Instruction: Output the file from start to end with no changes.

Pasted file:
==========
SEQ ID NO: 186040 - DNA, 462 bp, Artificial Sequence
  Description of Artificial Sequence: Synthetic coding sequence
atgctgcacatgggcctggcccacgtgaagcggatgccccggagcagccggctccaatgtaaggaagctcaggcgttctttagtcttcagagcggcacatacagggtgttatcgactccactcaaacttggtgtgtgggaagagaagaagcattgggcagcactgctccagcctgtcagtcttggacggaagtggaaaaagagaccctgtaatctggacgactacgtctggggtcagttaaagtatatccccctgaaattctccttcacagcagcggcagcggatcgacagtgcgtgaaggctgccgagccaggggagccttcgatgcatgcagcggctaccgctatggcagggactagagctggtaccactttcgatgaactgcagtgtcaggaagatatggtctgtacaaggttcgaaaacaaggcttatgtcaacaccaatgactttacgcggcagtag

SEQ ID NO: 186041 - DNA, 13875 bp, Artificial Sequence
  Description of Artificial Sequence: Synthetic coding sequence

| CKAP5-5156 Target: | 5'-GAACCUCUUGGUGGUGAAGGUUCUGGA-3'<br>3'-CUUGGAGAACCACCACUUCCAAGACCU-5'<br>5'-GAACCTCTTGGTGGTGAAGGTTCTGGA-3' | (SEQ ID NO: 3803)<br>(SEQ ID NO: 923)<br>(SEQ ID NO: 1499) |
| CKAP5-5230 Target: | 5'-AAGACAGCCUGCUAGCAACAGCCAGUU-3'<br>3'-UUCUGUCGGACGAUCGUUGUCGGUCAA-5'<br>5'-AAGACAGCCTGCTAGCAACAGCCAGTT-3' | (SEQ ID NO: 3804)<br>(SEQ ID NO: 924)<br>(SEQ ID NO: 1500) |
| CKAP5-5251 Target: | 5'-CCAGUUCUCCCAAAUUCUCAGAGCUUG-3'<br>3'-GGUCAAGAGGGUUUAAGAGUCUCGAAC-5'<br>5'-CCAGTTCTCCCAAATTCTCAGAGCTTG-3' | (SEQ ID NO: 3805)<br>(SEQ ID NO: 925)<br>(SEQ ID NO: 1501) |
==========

SEQ ID NO: 186040 - DNA, 462 bp, Artificial Sequence
  Description of Artificial Sequence: Synthetic coding sequence
atgctgcacatgggcctggcccacgtgaagcggatgccccggagcagccggctccaatgtaaggaagctcaggcgttctttagtcttcagagcggcacatacagggtgttatcgactccactcaaacttggtgtgtgggaagagaagaagcattgggcagcactgctccagcctgtcagtcttggacggaagtggaaaaagagaccctgtaatctggacgactacgtctggggtcagttaaagtatatccccctgaaattctccttcacagcagcggcagcggatcgacagtgcgtgaaggctgccgagccaggggagccttcgatgcatgcagcggctaccgctatggcagggactagagctggtaccactttcgatgaactgcagtgtcaggaagatatggtctgtacaaggttcgaaaacaaggcttatgtcaacaccaatgactttacgcggcagtag

SEQ ID NO: 186041 - DNA, 13875 bp, Artificial Sequence
  Description of Artificial Sequence: Synthetic coding sequence

| CKAP5-5156 Target: | 5'-GAACCUCUUGGUGGUGAAGGUUCUGGA-3'<br>3'-CUUGGAGAACCACCACUUCCAAGACCU-5'<br>5'-GAACCTCTTGGTGGTGAAGGTTCTGGA-3' | (SEQ ID NO: 3803)<br>(SEQ ID NO: 923)<br>(SEQ ID NO: 1499) |
| CKAP5-5230 Target: | 5'-AAGACAGCCUGCUAGCAACAGCCAGUU-3'<br>3'-UUCUGUCGGACGAUCGUUGUCGGUCAA-5'<br>5'-AAGACAGCCTGCTAGCAACAGCCAGTT-3' | (SEQ ID NO: 3804)<br>(SEQ ID NO: 924)<br>(SEQ ID NO: 1500) |
| CKAP5-5251 Target: | 5'-CCAGUUCUCCCAAAUUCUCAGAGCUUG-3'<br>3'-GGUCAAGAGGGUUUAAGAGUCUCGAAC-5'<br>5'-CCAGTTCTCCCAAATTCTCAGAGCTTG-3' | (SEQ ID NO: 3805)<br>(SEQ ID NO: 925)<br>(SEQ ID NO: 1501) |